Theslapped multi-million dollar fines on credit services firm Credit Karma and home service lead agency HomeAdvisor, alleging the companies each engaged in “deceptive” practices against consumers.
But both companies are pushing back against the federal agency’s claims.
In separate announcements Monday, the FTC ordered Credit Karma to pay out $3 million for allegedly using “dark patterns to misrepresent that consumers were ‘pre-approved’ foroffers,” and ordered HomeAdvisor to pay as much as $7.2 million for allegedly engaging in misleading marketing.
The FTC said in a press release that it first announced its complaint against Credit Karma in September, accusing the company of telling customers they were pre-approved for cards and had “‘90% odds’ to entice them to apply for offers that, in many instances, they ultimately did not qualify for.”
When reached byfor comment, Credit Karma quickly slapped down the government’s claims, saying in a statement, “We fundamentally disagree with the allegations the FTC makes in their complaint.”
“We do not engage in so-called ‘dark patterns,’ there is no mention of this at all in our agreement with the FTC, and their suggestion is entirely baseless,” a Credit Karma spokesperson said. “There are also no allegations that members paid unexpected fees or charges of any kind. We reached this agreement with the agency simply to be able to maintain our focus on helping our members find the financial products that are right for them.”
The FTC said its order against HomeAdvisor – affiliated with Angi, the company formerly known as Angie’s List – is preliminary, and stems from the agency’s original March 2022 complaint accusing the company of making “false, misleading, or unsubstantiated claims about the quality and sources of leads the company sells to service providers who are in search of potential customers.”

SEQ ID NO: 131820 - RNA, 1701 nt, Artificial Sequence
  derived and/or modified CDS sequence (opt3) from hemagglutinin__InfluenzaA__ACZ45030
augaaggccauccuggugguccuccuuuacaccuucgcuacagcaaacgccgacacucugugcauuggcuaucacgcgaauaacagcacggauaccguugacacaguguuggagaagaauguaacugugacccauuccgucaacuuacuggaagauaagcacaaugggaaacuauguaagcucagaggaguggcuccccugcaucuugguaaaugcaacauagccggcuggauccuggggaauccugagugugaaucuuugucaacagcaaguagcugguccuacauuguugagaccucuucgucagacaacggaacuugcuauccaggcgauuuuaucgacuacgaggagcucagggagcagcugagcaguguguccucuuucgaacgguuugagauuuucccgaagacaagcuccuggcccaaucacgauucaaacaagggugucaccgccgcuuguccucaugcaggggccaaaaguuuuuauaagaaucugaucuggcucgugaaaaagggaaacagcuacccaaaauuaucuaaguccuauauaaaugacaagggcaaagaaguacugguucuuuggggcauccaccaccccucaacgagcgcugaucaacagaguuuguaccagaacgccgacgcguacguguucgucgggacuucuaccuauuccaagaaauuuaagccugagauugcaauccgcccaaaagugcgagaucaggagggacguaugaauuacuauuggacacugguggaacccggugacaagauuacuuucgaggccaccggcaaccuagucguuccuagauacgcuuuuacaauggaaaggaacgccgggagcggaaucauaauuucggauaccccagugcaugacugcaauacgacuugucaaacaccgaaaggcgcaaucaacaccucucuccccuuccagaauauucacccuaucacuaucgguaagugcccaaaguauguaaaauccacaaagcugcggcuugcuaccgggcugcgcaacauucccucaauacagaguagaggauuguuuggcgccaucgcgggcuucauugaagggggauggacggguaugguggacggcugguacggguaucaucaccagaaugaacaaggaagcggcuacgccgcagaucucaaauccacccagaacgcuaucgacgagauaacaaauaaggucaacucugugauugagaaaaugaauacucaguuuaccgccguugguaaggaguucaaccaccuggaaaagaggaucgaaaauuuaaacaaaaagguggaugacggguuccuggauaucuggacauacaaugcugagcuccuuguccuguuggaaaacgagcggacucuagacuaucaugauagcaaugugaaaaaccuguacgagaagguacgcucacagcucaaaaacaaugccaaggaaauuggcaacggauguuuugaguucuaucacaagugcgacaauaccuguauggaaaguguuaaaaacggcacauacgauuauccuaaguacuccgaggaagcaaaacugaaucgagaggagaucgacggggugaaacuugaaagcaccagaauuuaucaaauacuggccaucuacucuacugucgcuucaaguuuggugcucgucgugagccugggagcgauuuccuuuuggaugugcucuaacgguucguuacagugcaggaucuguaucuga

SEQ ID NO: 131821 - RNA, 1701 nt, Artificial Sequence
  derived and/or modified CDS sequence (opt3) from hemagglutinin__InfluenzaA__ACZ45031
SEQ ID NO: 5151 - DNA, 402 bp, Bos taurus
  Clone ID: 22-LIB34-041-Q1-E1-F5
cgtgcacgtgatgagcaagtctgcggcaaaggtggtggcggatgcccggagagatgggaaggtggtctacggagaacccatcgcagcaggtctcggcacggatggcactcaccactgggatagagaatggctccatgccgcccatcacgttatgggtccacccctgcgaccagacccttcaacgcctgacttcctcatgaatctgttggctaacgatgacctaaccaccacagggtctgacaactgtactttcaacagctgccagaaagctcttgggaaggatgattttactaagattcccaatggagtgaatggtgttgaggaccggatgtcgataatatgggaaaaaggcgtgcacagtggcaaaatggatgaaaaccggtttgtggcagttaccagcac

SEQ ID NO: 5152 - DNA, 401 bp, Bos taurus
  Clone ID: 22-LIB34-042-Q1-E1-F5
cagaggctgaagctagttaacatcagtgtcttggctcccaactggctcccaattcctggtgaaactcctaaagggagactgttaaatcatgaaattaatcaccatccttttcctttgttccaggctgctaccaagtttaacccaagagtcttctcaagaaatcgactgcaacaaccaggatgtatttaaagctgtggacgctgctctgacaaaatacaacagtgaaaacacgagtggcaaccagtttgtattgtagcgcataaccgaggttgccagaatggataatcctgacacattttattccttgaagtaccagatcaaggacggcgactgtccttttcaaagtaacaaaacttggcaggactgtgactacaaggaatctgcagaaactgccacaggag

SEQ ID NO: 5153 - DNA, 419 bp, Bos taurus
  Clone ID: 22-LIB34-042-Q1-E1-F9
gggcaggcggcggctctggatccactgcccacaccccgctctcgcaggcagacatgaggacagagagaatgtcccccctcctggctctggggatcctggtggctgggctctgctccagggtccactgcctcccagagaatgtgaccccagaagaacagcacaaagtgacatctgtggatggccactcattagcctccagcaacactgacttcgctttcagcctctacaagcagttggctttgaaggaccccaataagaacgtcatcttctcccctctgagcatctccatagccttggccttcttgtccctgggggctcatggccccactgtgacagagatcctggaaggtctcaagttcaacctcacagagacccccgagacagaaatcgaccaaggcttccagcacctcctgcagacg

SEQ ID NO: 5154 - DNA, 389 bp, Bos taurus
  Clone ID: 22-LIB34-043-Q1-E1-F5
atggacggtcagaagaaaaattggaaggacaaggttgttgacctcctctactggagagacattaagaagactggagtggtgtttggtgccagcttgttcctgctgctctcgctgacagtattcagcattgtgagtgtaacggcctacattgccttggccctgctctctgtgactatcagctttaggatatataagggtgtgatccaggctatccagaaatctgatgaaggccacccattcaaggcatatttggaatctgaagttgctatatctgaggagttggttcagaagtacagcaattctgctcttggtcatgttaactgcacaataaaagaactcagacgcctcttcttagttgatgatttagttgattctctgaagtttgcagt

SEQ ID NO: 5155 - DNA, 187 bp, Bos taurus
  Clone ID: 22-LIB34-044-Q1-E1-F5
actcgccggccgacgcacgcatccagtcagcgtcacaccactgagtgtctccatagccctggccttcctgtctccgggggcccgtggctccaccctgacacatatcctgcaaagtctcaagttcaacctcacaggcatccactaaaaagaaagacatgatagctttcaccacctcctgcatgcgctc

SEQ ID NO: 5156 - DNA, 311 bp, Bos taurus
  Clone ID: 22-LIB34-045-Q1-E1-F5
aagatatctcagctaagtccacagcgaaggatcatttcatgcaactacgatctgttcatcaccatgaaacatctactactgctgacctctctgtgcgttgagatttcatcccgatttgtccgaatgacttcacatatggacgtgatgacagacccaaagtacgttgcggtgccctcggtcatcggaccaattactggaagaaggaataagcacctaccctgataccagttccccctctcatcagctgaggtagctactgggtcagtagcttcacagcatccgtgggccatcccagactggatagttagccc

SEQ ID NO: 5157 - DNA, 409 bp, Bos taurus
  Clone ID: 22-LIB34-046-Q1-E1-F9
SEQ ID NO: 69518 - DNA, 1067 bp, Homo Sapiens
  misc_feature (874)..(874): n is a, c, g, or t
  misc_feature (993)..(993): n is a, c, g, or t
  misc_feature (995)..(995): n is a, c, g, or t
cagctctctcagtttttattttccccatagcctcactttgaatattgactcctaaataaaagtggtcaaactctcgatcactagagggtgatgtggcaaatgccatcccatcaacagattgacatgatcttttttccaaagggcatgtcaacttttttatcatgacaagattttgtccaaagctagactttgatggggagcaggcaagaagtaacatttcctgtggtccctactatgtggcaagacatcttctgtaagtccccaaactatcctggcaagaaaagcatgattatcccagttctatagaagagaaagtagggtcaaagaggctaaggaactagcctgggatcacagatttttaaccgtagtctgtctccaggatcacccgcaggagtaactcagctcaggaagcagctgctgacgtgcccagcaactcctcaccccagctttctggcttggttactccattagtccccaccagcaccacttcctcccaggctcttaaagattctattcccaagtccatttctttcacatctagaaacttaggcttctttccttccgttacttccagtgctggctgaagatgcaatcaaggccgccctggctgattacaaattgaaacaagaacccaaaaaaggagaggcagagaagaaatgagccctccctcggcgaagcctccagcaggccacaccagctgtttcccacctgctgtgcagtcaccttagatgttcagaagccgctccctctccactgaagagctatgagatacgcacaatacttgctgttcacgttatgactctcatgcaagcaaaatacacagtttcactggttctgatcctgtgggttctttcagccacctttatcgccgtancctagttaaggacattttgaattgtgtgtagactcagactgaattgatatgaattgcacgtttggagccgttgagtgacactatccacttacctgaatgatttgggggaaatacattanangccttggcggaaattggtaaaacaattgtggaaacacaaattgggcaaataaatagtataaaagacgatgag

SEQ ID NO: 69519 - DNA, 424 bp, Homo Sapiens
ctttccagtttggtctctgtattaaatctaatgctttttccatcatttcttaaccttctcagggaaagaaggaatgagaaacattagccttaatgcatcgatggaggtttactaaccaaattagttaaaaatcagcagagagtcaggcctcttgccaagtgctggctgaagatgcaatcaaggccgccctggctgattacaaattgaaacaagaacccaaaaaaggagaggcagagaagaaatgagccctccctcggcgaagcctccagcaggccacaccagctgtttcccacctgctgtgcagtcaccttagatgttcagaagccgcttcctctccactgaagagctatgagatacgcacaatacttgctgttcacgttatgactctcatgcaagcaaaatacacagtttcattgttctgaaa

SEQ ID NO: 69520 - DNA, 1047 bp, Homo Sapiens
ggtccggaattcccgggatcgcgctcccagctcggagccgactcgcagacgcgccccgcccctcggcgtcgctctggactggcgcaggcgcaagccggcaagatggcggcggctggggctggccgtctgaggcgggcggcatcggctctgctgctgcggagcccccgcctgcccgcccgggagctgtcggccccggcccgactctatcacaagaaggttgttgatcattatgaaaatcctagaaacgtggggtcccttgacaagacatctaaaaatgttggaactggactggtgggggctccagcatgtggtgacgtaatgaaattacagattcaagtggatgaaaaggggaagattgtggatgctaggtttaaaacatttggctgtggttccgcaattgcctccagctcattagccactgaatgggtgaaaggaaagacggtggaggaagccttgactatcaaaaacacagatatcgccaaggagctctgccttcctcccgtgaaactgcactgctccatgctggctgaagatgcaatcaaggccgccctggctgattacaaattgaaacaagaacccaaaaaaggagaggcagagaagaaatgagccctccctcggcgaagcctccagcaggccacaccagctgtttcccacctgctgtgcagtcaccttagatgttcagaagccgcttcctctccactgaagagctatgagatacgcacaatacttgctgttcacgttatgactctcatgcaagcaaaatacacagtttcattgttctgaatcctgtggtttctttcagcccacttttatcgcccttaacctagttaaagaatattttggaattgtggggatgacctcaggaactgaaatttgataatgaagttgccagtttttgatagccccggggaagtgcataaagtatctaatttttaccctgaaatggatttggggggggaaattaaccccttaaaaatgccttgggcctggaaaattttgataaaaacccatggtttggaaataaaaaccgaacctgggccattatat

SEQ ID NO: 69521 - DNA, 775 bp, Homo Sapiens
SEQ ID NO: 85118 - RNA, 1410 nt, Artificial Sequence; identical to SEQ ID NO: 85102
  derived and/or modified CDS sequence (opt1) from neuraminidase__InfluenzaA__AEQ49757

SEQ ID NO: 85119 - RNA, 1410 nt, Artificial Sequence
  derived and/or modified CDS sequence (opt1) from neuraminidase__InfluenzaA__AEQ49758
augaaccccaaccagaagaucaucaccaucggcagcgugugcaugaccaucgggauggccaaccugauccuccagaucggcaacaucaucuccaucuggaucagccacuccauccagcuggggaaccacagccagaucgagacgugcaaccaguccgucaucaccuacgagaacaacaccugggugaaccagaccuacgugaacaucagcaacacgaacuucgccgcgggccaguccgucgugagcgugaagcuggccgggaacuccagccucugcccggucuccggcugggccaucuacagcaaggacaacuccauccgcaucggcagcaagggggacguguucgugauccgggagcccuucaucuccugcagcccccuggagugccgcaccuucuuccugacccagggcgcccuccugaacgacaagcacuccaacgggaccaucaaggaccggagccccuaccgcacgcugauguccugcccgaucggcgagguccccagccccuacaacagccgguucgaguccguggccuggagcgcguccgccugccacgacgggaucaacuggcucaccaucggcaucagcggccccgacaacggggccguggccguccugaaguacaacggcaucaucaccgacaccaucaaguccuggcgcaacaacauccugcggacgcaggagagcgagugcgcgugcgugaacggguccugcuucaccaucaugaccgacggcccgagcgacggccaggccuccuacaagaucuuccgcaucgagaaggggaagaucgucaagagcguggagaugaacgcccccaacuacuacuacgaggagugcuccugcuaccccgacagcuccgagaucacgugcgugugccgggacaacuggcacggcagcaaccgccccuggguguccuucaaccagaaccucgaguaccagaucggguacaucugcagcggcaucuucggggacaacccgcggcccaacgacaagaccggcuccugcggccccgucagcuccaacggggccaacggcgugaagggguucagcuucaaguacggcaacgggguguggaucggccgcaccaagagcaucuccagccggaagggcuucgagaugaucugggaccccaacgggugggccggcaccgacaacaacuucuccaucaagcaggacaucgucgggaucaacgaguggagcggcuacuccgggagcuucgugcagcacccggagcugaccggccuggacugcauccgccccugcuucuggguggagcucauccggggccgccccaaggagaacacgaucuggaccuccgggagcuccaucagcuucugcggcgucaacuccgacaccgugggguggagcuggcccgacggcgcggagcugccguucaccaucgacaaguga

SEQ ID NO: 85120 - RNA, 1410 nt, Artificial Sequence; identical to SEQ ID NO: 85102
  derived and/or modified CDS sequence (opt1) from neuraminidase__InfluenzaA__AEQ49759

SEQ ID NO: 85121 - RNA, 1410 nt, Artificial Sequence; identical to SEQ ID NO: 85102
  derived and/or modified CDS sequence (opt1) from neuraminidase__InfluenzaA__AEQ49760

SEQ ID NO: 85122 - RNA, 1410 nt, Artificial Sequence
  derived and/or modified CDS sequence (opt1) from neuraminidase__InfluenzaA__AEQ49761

The commission voted 4-0 to accept the proposed consent agreement against HomeAdvisor, and will now accept public comment on the decision for 30 days before it decides whether to make it final.
HomeAdvisor also defended itself in its exclusive statement to FOX Business, saying “We’ve been in business for over 20 years and do not and would not deceive anyone, let alone customers.”
A spokesperson for the company said the FTC’s announcement simply relates to a settlement agreement that does not admit or find any wrongdoing. They noted that the FTC’s own complaint pointed to eight recorded sales calls as purported evidence of the alleged misrepresentations, and if the case had gone to trial, HomeAdvisor was prepared to rebut that handful of calls with “thousands of perfectly accurate calls.”
“We’ve earned the privilege of becoming trusted partners to hundreds of thousands of local plumbers, roofers, general contractors and electricians—the people who help protect Americans’ greatest asset: our homes,” the spokesperson added. “Finding and helping homeowners to get a job done well is the daily work of our team members, and you’ll find no company working harder for the American home service professional than Angi.”